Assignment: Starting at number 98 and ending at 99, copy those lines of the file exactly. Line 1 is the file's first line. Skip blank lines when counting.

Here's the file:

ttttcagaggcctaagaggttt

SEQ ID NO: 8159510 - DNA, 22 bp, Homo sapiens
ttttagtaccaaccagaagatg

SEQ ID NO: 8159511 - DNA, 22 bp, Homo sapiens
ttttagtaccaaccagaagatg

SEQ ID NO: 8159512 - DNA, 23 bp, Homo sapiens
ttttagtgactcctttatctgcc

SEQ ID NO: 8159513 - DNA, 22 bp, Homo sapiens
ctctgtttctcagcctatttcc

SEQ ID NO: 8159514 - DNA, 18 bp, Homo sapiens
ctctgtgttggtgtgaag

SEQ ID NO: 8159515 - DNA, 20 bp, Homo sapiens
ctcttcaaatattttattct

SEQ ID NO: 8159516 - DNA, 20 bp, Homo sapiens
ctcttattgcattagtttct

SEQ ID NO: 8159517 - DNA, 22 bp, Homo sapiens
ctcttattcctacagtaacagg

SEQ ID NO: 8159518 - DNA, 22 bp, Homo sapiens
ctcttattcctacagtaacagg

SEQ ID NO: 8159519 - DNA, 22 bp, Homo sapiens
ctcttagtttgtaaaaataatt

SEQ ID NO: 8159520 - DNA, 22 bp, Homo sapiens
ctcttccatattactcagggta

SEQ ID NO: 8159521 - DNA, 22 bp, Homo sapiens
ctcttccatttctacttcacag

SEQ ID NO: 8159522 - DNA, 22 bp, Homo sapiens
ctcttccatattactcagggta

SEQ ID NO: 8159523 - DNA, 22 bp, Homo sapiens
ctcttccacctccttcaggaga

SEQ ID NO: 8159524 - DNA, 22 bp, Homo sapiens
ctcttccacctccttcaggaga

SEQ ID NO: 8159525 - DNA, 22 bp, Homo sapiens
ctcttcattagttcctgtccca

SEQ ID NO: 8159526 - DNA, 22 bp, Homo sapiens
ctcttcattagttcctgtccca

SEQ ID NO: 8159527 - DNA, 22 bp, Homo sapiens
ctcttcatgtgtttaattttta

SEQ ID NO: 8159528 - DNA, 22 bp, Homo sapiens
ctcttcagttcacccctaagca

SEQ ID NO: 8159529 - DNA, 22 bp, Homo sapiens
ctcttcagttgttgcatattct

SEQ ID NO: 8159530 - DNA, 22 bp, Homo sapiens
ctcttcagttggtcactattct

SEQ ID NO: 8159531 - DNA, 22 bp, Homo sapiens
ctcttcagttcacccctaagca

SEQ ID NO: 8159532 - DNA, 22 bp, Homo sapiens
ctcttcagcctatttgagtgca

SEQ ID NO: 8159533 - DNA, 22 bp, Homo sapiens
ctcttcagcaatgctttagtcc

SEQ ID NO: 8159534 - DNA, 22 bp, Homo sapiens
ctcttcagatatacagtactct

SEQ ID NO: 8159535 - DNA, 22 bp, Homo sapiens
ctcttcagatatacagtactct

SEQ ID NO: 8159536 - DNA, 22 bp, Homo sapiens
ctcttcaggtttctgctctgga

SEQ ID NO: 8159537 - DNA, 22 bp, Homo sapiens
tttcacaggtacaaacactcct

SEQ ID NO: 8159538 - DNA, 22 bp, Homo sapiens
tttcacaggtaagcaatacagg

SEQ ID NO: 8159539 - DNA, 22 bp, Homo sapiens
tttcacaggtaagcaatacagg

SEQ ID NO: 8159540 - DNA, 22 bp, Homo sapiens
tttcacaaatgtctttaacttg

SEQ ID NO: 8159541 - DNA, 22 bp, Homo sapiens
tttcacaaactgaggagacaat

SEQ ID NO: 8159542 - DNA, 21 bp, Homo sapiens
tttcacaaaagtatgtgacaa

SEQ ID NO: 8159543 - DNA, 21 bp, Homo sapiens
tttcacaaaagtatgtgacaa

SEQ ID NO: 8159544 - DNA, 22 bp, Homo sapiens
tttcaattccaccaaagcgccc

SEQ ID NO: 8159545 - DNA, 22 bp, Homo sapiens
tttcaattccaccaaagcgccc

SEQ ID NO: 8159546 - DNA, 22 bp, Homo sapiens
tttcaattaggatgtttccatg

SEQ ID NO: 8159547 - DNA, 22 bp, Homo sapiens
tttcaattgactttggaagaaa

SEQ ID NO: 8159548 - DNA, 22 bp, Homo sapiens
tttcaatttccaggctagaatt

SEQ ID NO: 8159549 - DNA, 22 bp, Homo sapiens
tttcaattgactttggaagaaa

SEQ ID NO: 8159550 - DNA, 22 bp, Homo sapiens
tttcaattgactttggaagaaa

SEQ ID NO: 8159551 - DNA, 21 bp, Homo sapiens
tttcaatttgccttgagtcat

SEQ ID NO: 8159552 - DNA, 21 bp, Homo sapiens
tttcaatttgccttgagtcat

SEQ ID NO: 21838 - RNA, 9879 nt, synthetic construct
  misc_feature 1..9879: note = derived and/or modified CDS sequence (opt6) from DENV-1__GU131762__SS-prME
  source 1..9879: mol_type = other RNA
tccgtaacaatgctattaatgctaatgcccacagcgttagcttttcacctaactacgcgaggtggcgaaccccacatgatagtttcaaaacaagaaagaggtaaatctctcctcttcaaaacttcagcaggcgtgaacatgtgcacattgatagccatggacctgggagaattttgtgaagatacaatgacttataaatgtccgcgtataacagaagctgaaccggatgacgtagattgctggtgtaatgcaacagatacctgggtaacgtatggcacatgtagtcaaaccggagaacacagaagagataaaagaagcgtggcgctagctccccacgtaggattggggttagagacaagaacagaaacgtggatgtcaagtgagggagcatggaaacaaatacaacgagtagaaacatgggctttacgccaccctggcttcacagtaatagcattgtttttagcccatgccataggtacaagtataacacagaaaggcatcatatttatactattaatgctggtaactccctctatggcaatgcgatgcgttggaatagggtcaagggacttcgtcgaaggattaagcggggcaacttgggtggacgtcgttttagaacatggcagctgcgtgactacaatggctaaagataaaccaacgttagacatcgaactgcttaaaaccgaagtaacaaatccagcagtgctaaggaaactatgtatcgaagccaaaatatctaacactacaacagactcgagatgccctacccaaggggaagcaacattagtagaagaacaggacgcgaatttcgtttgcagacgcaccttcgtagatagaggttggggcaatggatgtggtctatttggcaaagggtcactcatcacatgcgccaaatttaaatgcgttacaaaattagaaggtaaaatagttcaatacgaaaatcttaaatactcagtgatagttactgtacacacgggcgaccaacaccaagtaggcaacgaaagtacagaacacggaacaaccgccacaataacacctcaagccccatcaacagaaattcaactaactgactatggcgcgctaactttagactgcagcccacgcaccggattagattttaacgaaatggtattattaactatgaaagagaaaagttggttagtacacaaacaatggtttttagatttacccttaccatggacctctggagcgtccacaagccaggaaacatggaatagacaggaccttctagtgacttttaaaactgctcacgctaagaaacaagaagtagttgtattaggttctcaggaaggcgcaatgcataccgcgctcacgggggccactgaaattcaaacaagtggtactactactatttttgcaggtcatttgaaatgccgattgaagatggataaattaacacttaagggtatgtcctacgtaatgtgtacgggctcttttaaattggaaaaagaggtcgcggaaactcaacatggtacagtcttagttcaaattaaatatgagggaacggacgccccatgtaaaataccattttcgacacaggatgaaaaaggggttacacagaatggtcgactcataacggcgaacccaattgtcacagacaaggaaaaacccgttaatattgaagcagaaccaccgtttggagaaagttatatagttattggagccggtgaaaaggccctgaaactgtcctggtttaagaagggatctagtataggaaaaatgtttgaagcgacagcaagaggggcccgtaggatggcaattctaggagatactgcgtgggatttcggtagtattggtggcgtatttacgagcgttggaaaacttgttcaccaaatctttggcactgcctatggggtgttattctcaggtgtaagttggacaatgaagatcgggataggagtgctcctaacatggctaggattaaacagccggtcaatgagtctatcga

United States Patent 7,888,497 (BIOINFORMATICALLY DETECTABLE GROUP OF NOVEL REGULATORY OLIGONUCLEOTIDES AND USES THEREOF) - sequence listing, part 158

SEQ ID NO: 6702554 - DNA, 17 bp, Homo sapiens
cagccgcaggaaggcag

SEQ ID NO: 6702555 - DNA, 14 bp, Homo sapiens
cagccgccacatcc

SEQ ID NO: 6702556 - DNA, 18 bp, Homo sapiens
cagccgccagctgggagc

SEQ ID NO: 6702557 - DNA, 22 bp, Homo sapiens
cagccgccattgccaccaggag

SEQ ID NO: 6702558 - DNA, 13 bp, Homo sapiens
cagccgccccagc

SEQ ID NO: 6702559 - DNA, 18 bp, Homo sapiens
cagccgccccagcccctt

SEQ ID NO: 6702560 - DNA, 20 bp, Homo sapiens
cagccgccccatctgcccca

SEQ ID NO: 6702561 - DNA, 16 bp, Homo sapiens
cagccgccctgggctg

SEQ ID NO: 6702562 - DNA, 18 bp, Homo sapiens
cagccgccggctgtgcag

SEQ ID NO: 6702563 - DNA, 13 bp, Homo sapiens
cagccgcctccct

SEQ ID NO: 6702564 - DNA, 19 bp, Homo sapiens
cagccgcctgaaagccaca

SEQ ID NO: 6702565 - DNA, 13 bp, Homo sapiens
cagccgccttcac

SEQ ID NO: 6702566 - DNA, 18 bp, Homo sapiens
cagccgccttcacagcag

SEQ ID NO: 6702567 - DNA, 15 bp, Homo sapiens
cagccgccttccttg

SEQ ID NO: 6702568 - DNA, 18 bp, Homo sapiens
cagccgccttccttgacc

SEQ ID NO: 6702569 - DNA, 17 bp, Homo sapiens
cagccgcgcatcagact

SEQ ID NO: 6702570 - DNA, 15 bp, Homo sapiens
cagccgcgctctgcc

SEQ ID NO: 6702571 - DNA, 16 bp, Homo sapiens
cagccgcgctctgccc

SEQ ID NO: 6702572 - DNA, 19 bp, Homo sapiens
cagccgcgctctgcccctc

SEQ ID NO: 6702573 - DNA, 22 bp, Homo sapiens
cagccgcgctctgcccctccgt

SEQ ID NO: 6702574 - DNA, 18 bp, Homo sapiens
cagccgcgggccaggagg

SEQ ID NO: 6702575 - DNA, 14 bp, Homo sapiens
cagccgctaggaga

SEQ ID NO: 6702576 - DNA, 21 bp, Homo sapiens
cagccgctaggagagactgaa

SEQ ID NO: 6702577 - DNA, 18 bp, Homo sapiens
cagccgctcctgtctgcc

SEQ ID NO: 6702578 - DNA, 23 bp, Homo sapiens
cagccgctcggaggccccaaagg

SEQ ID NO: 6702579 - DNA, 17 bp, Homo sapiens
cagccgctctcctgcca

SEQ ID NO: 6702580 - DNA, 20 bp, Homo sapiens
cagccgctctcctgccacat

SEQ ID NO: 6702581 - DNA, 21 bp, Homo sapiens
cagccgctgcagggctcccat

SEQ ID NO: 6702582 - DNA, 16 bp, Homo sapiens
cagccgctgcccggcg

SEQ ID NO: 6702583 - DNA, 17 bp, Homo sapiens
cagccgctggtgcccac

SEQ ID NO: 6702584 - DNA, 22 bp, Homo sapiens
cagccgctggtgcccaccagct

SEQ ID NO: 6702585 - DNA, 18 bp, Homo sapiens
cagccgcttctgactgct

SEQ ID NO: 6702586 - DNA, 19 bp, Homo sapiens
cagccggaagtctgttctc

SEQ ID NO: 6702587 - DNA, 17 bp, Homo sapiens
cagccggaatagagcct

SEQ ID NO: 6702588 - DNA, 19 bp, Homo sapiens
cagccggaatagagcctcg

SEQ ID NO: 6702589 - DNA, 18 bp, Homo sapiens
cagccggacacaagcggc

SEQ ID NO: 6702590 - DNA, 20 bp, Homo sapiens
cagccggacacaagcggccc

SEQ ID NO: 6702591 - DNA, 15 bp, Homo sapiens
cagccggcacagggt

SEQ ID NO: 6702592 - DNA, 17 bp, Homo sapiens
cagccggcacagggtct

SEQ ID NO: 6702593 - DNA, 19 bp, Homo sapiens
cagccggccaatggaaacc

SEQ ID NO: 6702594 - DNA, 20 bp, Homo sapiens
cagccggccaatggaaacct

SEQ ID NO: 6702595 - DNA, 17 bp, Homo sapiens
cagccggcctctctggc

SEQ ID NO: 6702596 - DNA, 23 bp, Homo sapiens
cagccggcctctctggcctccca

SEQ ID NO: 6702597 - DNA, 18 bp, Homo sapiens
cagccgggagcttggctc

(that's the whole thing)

cagccgccagctgggagc

SEQ ID NO: 6702557 - DNA, 22 bp, Homo sapiens